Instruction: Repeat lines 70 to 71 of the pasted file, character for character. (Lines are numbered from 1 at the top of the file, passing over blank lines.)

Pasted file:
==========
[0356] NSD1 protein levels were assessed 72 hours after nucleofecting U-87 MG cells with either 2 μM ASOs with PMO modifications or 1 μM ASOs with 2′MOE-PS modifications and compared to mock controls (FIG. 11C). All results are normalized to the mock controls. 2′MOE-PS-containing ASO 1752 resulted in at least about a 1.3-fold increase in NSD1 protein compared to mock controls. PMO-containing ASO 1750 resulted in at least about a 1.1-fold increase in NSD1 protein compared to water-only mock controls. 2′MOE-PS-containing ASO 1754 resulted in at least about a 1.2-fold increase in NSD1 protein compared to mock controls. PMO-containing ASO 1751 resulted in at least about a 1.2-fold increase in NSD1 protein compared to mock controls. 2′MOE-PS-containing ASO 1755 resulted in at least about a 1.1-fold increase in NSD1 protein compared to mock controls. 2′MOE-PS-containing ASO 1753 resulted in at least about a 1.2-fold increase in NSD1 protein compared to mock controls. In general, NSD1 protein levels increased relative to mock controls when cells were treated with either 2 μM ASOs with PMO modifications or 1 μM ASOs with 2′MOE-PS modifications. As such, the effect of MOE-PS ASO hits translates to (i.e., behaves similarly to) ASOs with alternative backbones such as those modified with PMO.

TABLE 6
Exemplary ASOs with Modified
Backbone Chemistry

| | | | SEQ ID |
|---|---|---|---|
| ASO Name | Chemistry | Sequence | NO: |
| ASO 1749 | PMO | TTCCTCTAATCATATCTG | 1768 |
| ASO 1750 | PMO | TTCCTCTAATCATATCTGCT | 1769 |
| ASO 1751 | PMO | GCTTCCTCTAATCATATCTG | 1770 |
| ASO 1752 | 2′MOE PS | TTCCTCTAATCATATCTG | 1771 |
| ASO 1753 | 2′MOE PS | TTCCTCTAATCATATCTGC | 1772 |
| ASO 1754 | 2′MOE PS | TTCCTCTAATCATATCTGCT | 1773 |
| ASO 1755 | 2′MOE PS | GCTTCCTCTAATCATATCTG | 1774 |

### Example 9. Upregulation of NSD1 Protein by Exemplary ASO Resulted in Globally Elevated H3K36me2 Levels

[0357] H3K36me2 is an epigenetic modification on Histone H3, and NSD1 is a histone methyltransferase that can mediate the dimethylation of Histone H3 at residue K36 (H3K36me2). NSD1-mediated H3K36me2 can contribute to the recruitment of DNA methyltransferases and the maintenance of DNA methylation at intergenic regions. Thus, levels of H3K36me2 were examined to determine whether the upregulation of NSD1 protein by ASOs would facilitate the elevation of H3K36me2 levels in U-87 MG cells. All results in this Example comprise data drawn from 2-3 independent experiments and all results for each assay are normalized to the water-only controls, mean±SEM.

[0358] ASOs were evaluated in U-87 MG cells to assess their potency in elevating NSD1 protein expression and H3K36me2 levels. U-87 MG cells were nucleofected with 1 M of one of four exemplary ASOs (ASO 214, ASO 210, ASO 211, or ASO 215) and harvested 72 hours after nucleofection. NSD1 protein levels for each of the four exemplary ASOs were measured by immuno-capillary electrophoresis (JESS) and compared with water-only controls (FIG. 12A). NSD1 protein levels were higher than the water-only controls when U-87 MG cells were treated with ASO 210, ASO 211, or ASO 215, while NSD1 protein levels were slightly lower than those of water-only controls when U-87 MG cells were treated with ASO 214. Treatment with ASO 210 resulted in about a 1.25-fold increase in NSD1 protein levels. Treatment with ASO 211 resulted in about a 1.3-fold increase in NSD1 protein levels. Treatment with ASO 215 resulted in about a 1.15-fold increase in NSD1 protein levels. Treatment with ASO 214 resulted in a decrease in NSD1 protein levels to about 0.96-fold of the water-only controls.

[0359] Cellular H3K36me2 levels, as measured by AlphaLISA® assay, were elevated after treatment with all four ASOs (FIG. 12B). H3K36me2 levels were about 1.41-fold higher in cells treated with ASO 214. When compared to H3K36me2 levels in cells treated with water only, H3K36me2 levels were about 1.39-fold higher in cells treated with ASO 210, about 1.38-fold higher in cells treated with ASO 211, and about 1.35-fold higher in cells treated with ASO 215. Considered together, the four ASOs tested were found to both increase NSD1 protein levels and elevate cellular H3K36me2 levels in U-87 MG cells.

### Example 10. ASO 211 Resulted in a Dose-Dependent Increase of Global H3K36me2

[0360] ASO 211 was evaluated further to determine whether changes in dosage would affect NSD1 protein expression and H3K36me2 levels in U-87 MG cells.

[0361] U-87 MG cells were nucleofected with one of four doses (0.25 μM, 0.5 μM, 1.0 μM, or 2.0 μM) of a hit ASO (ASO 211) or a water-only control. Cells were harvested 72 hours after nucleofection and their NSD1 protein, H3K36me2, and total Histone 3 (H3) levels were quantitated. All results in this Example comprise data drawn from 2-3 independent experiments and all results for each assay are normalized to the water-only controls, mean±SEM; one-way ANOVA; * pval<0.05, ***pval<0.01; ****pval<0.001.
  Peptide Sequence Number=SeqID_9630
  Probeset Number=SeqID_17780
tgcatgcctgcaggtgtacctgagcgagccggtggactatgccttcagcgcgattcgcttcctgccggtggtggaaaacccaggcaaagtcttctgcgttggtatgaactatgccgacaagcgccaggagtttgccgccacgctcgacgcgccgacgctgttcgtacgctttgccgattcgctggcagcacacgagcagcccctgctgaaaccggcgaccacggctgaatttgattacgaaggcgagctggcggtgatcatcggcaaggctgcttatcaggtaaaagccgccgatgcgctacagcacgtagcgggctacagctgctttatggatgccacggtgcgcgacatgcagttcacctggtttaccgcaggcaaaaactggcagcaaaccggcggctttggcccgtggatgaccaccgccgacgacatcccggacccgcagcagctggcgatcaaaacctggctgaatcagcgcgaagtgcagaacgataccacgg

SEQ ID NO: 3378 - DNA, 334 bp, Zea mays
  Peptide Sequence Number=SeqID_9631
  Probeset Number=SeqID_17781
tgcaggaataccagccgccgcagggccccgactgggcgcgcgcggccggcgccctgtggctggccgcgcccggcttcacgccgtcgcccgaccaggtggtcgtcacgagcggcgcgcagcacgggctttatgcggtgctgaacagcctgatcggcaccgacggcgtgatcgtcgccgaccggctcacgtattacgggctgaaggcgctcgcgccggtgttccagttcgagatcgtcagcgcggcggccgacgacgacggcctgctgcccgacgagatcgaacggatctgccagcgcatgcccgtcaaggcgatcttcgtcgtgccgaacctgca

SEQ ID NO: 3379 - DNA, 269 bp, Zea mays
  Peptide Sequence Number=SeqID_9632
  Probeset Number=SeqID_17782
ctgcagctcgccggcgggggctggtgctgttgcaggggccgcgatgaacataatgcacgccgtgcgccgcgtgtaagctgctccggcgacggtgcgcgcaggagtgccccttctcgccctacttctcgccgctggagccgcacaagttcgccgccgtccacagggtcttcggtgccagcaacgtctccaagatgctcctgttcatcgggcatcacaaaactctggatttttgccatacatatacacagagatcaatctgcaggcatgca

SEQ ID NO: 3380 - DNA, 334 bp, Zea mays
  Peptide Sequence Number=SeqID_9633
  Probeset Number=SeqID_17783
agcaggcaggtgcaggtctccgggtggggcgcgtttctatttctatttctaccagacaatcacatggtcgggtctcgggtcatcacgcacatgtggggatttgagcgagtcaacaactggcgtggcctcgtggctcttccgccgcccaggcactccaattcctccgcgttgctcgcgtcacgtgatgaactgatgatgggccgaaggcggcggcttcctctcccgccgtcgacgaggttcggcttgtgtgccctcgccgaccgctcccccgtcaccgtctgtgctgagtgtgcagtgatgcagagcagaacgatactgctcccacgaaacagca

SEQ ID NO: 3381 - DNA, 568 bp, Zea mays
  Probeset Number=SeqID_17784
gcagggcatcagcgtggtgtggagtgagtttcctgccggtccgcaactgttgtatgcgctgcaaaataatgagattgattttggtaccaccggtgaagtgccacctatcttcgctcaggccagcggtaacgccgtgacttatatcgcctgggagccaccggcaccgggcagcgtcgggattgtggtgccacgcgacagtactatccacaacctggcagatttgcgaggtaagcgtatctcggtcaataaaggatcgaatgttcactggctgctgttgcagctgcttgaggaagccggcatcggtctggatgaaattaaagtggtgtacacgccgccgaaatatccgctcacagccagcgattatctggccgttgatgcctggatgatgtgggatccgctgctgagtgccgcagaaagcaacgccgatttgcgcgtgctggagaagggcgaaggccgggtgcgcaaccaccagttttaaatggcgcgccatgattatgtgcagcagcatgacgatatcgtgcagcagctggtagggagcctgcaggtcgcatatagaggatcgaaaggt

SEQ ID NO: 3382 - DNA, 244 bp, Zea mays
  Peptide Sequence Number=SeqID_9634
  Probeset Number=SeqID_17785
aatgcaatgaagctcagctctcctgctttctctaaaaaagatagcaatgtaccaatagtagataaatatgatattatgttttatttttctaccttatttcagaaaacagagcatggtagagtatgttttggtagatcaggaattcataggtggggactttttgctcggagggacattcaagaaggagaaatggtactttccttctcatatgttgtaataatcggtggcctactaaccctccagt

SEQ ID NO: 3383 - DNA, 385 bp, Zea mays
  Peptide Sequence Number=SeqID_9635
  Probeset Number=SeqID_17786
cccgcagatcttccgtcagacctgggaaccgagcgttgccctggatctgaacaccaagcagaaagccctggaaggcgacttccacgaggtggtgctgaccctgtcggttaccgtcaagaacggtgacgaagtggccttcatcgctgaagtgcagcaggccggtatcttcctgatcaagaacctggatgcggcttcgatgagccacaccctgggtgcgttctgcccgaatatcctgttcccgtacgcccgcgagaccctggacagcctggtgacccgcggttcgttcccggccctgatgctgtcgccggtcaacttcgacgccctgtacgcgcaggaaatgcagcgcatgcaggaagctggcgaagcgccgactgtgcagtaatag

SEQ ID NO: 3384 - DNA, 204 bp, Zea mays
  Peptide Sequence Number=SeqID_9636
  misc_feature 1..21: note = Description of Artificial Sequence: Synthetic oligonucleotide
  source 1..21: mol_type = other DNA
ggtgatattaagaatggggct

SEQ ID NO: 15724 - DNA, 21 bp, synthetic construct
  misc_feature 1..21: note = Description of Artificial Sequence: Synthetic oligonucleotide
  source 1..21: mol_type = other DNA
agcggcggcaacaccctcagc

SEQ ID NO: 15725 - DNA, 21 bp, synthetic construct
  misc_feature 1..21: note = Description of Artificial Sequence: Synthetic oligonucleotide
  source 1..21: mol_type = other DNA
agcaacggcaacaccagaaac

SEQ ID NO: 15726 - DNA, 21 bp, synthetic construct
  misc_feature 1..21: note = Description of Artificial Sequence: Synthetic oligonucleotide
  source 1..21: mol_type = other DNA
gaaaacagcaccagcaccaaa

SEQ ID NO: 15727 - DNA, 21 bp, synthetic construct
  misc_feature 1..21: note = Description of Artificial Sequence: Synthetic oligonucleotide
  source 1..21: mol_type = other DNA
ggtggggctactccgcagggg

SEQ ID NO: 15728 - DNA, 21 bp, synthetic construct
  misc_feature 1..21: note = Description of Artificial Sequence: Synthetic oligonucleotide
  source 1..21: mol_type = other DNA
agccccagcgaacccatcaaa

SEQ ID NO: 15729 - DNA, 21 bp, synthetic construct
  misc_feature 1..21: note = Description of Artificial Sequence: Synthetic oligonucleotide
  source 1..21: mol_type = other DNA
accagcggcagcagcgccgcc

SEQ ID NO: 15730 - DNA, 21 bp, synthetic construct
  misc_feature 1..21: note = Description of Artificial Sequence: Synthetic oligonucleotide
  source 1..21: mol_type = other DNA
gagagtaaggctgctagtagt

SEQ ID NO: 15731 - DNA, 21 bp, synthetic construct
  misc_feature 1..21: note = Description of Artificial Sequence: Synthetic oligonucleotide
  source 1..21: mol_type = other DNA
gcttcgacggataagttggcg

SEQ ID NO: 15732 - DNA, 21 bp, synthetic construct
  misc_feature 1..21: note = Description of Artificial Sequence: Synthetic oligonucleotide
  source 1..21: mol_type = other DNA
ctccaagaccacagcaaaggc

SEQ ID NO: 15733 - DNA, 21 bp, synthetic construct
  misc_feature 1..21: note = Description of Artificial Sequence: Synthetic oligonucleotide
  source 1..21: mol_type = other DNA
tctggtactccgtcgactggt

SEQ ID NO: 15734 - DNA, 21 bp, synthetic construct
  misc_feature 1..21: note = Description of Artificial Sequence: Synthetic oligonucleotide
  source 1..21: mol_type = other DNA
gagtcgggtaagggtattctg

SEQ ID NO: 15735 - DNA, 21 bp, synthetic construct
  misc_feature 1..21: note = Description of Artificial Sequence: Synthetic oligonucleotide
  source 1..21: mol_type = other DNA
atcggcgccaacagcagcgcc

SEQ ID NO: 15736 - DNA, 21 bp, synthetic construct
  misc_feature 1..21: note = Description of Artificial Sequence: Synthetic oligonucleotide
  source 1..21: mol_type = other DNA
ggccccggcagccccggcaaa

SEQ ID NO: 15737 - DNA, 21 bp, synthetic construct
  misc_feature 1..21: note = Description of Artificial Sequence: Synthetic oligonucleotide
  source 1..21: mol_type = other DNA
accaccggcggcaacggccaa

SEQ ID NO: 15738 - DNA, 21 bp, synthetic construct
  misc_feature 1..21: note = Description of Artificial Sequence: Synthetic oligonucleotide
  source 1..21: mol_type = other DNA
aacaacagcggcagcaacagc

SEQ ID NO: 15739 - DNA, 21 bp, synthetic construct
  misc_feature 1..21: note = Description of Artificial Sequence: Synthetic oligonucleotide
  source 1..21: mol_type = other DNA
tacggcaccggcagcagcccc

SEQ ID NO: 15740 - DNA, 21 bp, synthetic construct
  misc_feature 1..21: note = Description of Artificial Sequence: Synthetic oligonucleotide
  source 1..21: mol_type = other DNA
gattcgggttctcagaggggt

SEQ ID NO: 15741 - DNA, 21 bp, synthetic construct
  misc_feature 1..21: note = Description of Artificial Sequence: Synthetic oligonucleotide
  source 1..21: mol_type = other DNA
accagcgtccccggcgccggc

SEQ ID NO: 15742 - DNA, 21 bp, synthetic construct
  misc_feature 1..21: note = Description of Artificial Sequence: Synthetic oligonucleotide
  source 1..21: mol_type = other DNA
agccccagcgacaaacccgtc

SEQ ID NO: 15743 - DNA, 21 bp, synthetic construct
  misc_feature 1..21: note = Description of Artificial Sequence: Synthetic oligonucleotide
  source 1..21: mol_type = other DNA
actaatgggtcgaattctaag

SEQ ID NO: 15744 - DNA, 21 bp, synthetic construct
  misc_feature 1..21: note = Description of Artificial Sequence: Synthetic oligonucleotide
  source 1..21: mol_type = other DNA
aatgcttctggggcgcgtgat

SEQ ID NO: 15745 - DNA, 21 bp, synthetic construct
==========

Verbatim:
  misc_feature 1..21: note = Description of Artificial Sequence: Synthetic oligonucleotide
  source 1..21: mol_type = other DNA